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September 12, 2003 ED Review
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 September 12, 2003
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NCLB Update
Special Education Report
Grant Awards
Flawed Civics
Assistant Secretary
From the Interagency Staff...
Quote to Note
Upcoming Events

NCLB Update (http://www.nochildleftbehind.gov/)

This week, President Bush and Secretary Paige traveled south to highlight provisions of the No Child Left Behind Act. At Nashville's Kirkpatrick Elementary School, the focus was on supplemental educational services—after-school tutoring and other educational enrichment programs that children from low-income families can receive if they attend schools that are identified as needing improvement. "We have come from a really interesting little laboratory of excellence that Principal Kim Fowler set up, where three different providers were tutoring children," the President explained. "It gave me a chance to see that this school and this school district have not only reached out to parents but have also reached out to educational providers and said 'we want to enlist your services to make sure no child is left behind.'" Parents of eligible children in Nashville can select from 12 different providers during the 2003-04 school year. Across the nation, state-approved providers include private companies (795), local education agencies and schools (401), and colleges and universities (32). For more information, please go to http://www.ed.gov/news/pressreleases/
2003/09/09082003.html
. (Bush's remarks are available http://www.whitehouse.gov/news/releases/2003/
09/20030908-2.html
, and final SES guidance is posted at http://www.ed.gov/policy/elsec/guid/suppsvcsguid.doc.)


At Jacksonville's Hyde Park Elementary School, the focus was on empowering parents and teachers with information. "Testing and report cards provide the information that allows us to diagnose a problem, so we can work together to fix it," the Secretary said. "For too long, we've been in the dark when it comes to solving our education challenges." In support, the President announced a new, web-based tool to assist states and schools with the basic data analysis and reporting requirements of No Child Left Behind. Created by a partnership of the Education Department, the Broad Foundation, the National Center for Education Accountability, and Standard & Poor's School Evaluation Services, parents, teachers, and policymakers will be able to visit a web site to search, sort, and compare school performance trends. Ten states will be invited to have their data analyzed for January 2004. As promised, the President also unveiled a Toolkit for Teachers (http://www.ed.gov/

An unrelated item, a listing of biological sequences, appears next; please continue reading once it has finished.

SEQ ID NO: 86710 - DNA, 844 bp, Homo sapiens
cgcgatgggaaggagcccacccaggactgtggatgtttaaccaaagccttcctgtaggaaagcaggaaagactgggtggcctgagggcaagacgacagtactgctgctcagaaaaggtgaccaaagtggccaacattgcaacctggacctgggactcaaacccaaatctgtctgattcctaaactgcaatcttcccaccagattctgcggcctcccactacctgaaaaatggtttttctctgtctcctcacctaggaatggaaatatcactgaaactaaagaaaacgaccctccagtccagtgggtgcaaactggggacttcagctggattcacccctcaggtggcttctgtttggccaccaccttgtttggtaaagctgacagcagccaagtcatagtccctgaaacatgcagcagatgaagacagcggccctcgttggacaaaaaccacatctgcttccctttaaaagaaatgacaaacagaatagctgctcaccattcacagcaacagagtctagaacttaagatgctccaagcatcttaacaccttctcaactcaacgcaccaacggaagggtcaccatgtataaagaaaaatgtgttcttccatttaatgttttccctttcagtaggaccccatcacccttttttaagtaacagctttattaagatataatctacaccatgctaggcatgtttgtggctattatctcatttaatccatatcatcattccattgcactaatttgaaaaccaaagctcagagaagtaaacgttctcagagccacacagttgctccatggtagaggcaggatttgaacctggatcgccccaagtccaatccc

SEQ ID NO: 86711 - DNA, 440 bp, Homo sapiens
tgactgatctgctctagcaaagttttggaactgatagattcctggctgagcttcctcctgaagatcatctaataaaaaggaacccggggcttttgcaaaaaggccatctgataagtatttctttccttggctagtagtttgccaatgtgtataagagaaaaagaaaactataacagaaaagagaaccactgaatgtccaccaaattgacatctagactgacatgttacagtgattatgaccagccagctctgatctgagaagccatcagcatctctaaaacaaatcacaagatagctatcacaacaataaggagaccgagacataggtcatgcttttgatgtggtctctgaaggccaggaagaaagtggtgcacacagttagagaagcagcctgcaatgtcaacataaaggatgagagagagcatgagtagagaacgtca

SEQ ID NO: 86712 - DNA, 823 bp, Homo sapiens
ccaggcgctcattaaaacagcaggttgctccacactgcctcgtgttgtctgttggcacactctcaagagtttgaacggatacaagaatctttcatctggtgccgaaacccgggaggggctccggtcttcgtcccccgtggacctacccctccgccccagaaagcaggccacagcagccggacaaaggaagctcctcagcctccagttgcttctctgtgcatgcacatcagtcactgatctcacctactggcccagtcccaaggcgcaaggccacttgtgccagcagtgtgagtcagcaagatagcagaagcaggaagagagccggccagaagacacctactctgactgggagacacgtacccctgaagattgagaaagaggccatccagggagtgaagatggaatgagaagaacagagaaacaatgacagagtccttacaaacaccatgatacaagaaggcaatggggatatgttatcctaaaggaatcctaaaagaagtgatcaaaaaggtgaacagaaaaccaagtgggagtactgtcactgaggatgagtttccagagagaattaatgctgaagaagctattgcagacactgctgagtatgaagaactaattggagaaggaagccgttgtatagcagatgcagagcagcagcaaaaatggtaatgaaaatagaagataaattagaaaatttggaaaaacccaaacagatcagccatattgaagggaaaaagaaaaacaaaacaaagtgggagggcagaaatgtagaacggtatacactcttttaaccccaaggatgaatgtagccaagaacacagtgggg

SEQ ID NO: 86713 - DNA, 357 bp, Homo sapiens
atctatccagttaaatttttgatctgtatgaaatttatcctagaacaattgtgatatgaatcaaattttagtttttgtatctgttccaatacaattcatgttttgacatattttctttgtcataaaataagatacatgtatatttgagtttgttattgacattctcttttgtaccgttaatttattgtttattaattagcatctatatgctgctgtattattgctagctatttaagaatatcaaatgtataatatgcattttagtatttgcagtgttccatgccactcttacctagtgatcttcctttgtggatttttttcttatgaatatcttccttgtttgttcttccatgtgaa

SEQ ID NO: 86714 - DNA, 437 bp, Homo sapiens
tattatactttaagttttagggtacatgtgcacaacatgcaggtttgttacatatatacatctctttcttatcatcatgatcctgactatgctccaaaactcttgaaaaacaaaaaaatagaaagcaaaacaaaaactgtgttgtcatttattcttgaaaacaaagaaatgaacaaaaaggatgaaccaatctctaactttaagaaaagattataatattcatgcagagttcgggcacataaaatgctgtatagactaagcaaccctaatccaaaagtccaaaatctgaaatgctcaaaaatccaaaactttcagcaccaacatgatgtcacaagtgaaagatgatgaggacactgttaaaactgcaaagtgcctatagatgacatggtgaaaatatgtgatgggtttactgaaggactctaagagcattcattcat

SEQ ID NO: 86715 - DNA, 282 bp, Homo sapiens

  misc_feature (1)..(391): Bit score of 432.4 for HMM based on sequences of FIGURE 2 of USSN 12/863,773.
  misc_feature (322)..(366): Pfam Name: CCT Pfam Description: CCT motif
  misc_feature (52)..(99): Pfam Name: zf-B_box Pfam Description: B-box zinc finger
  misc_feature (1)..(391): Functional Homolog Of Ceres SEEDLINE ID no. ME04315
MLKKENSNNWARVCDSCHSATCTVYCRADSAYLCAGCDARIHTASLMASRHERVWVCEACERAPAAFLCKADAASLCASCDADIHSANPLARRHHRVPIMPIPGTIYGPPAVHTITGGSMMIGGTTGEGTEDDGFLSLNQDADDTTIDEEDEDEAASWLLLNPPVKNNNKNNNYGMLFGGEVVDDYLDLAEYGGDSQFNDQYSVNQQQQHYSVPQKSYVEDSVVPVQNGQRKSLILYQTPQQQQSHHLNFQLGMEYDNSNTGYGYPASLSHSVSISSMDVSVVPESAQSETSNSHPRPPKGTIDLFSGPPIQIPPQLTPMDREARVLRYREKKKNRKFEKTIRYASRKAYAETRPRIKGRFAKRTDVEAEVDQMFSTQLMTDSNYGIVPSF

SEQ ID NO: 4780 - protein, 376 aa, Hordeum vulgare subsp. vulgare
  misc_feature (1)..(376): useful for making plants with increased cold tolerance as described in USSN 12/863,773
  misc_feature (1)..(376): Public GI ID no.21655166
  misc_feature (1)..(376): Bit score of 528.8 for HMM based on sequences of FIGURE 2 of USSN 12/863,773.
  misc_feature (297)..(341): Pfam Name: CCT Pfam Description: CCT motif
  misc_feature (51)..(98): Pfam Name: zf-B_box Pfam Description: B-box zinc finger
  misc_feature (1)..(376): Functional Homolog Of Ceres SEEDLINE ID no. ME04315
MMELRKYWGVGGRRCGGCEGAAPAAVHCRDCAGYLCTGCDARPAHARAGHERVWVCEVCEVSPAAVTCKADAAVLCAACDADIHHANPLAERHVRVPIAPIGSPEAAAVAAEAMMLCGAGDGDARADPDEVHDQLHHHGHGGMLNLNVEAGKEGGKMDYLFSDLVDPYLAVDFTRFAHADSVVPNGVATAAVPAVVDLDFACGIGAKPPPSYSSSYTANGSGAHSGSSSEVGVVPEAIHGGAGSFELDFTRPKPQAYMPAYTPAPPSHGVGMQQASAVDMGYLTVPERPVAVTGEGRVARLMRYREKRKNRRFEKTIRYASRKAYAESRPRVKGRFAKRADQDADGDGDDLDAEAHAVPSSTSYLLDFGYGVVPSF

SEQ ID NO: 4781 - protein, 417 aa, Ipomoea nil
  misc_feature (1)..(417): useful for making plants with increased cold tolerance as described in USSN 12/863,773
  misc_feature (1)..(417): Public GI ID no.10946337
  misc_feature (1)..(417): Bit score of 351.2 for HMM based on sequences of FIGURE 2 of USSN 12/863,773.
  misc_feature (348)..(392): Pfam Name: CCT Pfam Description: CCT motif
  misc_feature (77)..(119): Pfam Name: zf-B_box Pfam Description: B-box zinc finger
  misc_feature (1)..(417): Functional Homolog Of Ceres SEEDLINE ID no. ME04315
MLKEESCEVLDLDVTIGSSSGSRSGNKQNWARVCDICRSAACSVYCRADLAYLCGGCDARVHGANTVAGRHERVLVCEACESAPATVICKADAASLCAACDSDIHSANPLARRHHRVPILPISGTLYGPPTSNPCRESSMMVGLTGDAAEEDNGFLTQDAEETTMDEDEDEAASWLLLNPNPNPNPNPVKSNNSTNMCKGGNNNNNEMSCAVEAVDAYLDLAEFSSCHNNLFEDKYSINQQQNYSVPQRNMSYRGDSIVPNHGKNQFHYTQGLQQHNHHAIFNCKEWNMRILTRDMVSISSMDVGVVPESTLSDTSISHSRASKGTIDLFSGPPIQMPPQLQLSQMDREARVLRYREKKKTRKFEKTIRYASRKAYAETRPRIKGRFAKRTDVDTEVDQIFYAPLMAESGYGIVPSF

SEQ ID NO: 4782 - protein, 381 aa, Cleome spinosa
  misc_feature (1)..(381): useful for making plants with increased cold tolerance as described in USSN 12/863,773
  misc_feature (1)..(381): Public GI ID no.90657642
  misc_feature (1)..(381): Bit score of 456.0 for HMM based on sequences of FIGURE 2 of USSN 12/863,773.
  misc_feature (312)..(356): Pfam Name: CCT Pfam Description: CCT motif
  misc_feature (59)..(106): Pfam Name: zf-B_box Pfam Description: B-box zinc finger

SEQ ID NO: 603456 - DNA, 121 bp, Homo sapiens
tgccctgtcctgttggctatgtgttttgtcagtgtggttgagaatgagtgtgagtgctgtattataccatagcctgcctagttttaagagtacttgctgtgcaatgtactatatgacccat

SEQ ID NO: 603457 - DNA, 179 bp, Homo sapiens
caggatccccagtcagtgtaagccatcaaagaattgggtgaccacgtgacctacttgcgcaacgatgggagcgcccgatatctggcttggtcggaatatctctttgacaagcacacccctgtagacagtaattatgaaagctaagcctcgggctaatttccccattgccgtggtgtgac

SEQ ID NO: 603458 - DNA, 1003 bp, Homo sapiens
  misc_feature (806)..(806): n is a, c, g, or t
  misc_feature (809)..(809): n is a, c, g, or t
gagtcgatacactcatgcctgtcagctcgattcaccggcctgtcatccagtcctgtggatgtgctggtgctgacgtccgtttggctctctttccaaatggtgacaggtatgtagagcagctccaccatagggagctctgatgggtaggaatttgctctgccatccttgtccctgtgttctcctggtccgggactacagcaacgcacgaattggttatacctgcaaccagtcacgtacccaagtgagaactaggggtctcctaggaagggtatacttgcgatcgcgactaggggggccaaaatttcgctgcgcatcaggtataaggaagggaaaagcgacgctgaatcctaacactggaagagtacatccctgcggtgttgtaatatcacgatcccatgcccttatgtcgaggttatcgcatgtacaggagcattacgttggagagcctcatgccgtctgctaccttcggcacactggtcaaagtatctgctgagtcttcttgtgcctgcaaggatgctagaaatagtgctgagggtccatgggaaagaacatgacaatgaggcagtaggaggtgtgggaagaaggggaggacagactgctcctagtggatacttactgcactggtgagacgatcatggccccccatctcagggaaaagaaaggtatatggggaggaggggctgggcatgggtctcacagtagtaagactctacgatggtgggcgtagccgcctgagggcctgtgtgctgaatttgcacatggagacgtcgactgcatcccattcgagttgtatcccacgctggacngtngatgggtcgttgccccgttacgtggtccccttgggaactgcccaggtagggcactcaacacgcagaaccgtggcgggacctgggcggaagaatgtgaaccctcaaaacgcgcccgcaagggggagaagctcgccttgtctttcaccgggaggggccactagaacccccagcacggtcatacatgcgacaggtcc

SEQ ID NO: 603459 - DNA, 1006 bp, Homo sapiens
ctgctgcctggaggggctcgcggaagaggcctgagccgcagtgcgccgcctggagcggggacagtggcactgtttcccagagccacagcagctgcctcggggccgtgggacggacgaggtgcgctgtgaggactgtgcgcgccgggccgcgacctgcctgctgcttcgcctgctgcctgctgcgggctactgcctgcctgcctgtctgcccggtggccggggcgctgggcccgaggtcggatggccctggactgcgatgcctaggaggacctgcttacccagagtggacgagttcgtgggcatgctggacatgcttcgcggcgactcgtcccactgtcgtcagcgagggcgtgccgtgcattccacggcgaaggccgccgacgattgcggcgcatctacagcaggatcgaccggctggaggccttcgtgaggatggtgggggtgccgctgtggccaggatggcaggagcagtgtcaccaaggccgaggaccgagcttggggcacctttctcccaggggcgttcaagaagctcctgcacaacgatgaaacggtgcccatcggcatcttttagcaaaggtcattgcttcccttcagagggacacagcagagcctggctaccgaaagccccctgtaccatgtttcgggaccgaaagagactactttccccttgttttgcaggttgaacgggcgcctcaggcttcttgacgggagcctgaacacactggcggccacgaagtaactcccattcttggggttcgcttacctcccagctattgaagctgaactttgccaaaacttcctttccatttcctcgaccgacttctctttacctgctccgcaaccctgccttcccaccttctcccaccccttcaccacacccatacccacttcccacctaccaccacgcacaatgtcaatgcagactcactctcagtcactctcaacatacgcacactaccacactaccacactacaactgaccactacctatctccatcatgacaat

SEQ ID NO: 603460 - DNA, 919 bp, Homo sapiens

teachers/nclbguide/nclb-teachers-toolkit.pdf
), with accurate information about the federal law. For more information, please go to http://www.ed.gov/news/pressreleases/2003/09/09092003.html. (Bush's remarks are available at http://www.whitehouse.gov/news/
releases/2003/09/20030909-3.html
, and final report card guidance will be posted at http://www.ed.gov/about/offices/list/oese/legislation.html.)


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Special Education Report

According to the Department's 24th annual report to Congress on the condition of special education, which has become a benchmark in conveying the progress being made in serving America's 6.5 million children with disabilities, children who receive early intervention services show significant developmental progress a year later, and families report increased confidence in their ability to deal with their child. The report, "To Assure the Free Appropriate Public Education of All Children with Disabilities," cites several sources, including the Department's ongoing National Early Intervention Longitudinal Study (NEILS). NEILS tracks 3,338 infants and toddlers with disabilities who received early intervention services. For more information, please go to http://www.ed.gov/about/reports/annual/osep/2002/.

Note: Between 1995-96 and 1999-2000, the high school graduation rate for students with disabilities increased from 52.6 to 56.2 percent, and the percentage of students dropping out declined from 34.1 to 29.4 percent.

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Grant Awards

Secretary Paige has awarded more than $21 million in grants to Alaska, Arizona, Iowa, Kansas, New Hampshire, New Mexico, Pennsylvania, and South Carolina to help strengthen their charter school programs. The Department's Charter School Program, authorized in 1994, provides support for the planning, program design, and initial implementation of charter schools, as well as the sharing of best practices. This fall, more than 3,000 charter schools will serve an estimated 750,000 students; two-thirds have waiting lists. For more information, please go to http://www.ed.gov/programs/charter/. (Non-regulatory guidance on the Charter School Program, detailed in the previous issue, is now available at http://www.ed.gov/programs/charter/legislation.html.)

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Flawed Civics

A new report spanning the ideological spectrum, "Education for Democracy," (http://www.shankerinstitute.org/downloads/efd%2Drelease.html) contends public schools offer students plenty about America's failings but not enough about its freedoms and values. In turn, the report warns that without a change of approach schools will continue to turn out large numbers of students who are disengaged in society and unappreciative of democracy. Specifically, it calls for a stronger social studies and history curricula, starting in elementary school and continuing through every year of schooling. It also suggests a bigger push for morality in education lessons. Meanwhile, the Thomas B. Fordham Foundation recently released two studies aimed at revitalizing social studies: "Terrorists, Despots, and Democracy: What Our Children Need to Know" (posted at http://www.edexcellence.net/socialstudies/Democracy/